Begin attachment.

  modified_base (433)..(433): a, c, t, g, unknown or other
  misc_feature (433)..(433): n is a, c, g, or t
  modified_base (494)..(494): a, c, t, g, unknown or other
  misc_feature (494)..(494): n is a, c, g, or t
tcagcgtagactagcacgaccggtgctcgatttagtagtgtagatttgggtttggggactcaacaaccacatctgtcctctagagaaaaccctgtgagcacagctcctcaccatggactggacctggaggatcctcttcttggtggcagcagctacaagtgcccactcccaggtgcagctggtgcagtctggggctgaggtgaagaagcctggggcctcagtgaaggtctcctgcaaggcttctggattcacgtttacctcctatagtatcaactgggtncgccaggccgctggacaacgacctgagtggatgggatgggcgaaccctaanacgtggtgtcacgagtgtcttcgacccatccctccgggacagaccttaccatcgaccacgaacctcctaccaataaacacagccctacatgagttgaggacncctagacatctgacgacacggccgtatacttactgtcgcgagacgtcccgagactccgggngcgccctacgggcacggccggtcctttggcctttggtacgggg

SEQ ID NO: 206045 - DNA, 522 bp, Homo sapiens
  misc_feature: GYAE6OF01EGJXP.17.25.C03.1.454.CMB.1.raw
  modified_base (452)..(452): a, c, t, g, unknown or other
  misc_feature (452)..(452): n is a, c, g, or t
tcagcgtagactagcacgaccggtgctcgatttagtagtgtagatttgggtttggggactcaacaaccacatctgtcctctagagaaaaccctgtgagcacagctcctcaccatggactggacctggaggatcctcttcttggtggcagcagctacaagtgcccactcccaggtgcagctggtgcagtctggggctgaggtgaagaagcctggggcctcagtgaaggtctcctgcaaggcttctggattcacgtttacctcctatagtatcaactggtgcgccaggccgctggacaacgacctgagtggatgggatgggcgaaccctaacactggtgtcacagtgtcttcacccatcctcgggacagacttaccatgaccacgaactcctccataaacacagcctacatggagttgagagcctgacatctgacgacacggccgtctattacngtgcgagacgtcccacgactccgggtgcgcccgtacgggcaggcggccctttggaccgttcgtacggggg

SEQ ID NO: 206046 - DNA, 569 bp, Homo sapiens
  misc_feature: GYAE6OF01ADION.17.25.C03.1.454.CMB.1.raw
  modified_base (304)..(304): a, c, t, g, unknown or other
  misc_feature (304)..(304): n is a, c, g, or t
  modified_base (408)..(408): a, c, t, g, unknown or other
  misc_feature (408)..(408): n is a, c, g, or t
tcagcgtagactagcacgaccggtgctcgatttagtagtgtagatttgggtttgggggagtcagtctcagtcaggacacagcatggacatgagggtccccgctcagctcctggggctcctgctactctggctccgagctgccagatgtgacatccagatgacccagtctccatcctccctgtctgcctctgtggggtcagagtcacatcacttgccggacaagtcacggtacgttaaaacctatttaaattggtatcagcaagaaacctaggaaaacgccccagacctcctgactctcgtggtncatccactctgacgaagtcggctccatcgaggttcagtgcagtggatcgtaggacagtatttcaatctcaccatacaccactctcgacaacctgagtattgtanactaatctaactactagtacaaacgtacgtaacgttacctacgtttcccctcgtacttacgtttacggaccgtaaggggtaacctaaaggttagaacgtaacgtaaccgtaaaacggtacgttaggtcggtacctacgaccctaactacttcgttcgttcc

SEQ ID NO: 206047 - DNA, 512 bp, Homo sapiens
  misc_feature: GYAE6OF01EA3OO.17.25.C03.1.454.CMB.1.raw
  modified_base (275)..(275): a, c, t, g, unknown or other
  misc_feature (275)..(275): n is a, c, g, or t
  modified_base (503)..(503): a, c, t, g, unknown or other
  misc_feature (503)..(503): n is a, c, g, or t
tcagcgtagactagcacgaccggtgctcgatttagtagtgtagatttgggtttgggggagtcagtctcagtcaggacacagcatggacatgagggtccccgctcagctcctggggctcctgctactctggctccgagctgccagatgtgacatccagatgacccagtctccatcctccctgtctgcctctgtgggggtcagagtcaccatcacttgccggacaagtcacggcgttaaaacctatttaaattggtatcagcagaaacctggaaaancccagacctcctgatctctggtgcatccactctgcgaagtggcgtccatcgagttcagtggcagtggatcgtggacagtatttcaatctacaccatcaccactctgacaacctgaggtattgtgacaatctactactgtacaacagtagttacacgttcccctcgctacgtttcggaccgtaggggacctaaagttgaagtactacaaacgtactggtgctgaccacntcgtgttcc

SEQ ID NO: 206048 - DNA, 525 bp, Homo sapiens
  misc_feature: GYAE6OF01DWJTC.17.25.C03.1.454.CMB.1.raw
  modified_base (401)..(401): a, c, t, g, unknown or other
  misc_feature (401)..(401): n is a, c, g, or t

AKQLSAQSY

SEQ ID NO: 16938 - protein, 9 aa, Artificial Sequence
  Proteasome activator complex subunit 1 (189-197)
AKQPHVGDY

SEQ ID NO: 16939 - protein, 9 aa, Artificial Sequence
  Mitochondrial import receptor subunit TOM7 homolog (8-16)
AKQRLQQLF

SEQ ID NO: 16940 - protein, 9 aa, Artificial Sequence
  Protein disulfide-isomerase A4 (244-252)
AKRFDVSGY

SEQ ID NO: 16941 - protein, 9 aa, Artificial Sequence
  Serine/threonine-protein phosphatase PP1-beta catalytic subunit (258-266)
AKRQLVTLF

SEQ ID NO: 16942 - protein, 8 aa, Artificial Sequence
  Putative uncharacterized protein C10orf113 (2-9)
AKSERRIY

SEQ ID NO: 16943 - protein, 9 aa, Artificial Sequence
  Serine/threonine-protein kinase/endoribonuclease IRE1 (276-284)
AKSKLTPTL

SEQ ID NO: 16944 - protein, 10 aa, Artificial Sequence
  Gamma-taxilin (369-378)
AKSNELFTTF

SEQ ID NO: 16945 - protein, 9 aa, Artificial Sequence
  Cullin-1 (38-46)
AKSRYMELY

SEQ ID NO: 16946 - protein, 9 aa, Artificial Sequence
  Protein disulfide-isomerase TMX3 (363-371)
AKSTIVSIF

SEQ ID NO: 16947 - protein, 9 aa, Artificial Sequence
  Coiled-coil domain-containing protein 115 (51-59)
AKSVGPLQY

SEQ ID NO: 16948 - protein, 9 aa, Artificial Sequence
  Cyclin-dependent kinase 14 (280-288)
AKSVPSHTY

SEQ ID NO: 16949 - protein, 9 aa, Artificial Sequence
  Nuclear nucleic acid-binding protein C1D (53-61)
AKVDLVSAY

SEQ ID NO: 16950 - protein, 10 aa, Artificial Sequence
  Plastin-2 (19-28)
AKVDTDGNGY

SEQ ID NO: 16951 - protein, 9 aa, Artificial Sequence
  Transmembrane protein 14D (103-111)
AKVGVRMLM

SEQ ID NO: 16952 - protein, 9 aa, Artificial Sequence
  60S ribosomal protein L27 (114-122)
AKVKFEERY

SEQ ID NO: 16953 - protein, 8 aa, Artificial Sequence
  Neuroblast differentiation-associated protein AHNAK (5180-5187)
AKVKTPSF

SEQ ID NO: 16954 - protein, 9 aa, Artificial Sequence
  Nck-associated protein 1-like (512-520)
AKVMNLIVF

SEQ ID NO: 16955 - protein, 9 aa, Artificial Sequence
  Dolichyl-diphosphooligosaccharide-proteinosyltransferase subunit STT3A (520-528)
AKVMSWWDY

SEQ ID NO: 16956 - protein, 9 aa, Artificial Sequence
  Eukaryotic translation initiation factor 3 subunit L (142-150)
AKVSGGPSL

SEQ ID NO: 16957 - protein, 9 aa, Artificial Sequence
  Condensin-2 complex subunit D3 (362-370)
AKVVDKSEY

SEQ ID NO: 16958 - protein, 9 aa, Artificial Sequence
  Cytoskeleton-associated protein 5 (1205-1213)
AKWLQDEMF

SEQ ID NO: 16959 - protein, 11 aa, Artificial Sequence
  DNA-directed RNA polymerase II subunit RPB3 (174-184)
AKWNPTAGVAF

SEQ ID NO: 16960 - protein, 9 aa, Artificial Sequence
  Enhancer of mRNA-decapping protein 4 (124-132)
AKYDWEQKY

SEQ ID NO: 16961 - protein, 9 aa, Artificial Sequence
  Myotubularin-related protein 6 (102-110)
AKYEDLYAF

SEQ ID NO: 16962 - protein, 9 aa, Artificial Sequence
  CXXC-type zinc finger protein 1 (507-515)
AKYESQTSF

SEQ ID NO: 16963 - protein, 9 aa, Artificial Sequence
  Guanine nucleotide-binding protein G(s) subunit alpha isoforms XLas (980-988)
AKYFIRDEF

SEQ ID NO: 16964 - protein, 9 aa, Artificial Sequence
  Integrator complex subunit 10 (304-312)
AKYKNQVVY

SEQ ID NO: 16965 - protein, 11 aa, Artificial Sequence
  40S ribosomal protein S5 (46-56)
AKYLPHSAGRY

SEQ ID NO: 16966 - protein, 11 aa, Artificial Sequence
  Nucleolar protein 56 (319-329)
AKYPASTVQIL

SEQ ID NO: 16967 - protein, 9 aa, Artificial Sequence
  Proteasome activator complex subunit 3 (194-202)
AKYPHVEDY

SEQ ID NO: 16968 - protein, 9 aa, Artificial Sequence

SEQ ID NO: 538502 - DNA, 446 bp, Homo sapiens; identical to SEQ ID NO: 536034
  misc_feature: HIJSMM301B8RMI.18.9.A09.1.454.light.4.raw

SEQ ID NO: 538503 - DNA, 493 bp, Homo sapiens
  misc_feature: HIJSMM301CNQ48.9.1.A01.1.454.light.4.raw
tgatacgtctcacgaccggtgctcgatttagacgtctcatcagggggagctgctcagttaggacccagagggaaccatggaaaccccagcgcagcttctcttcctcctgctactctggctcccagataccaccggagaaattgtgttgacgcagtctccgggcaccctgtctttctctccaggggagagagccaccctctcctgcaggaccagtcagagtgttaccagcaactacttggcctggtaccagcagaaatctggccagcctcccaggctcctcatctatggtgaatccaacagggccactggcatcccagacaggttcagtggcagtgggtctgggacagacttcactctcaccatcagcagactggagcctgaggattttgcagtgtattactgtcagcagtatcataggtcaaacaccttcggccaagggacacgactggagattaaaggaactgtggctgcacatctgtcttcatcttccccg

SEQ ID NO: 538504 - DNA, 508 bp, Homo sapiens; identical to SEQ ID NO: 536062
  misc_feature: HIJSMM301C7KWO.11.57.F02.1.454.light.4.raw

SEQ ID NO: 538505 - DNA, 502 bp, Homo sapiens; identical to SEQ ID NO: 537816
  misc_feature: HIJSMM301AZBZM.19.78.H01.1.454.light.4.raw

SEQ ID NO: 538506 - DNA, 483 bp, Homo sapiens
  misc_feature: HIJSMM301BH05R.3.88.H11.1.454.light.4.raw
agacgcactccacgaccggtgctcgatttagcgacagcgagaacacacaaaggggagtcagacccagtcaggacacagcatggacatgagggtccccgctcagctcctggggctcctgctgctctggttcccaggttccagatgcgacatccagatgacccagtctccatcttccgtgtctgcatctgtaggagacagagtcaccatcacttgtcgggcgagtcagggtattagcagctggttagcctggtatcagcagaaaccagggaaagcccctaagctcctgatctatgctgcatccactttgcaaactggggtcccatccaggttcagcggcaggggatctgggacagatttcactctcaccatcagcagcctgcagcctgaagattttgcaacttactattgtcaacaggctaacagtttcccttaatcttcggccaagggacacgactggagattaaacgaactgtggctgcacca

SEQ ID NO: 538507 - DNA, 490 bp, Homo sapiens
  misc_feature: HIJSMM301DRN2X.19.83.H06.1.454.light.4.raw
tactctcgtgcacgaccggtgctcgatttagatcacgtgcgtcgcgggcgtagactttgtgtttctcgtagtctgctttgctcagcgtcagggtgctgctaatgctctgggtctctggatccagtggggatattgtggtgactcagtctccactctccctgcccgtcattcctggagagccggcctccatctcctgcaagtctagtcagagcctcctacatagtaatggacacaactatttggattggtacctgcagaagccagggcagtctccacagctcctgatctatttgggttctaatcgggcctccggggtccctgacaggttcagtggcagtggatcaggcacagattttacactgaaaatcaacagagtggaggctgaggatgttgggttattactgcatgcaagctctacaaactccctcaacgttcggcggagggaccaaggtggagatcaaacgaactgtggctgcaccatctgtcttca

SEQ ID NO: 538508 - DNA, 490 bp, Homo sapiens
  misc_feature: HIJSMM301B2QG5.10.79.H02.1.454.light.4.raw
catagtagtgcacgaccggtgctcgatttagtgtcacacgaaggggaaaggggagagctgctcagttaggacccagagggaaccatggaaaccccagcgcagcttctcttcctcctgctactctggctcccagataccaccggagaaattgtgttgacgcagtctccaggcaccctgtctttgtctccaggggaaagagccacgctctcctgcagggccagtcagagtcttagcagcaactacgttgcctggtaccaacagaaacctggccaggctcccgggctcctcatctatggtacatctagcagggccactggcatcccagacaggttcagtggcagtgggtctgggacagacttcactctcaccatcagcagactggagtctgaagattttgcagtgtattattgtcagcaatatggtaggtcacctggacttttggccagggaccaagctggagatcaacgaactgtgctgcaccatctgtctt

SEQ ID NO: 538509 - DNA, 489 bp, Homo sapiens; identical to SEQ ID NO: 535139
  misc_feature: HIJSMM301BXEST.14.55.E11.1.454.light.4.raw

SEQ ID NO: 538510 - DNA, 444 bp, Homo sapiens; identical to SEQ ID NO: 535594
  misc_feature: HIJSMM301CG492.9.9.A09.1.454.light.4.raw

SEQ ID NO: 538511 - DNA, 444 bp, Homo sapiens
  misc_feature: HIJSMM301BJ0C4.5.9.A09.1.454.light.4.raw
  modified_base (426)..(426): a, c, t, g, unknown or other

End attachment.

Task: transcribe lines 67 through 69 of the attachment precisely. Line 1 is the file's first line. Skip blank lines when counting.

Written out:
  Plastin-2 (19-28)
AKVDTDGNGY

SEQ ID NO: 16951 - protein, 9 aa, Artificial Sequence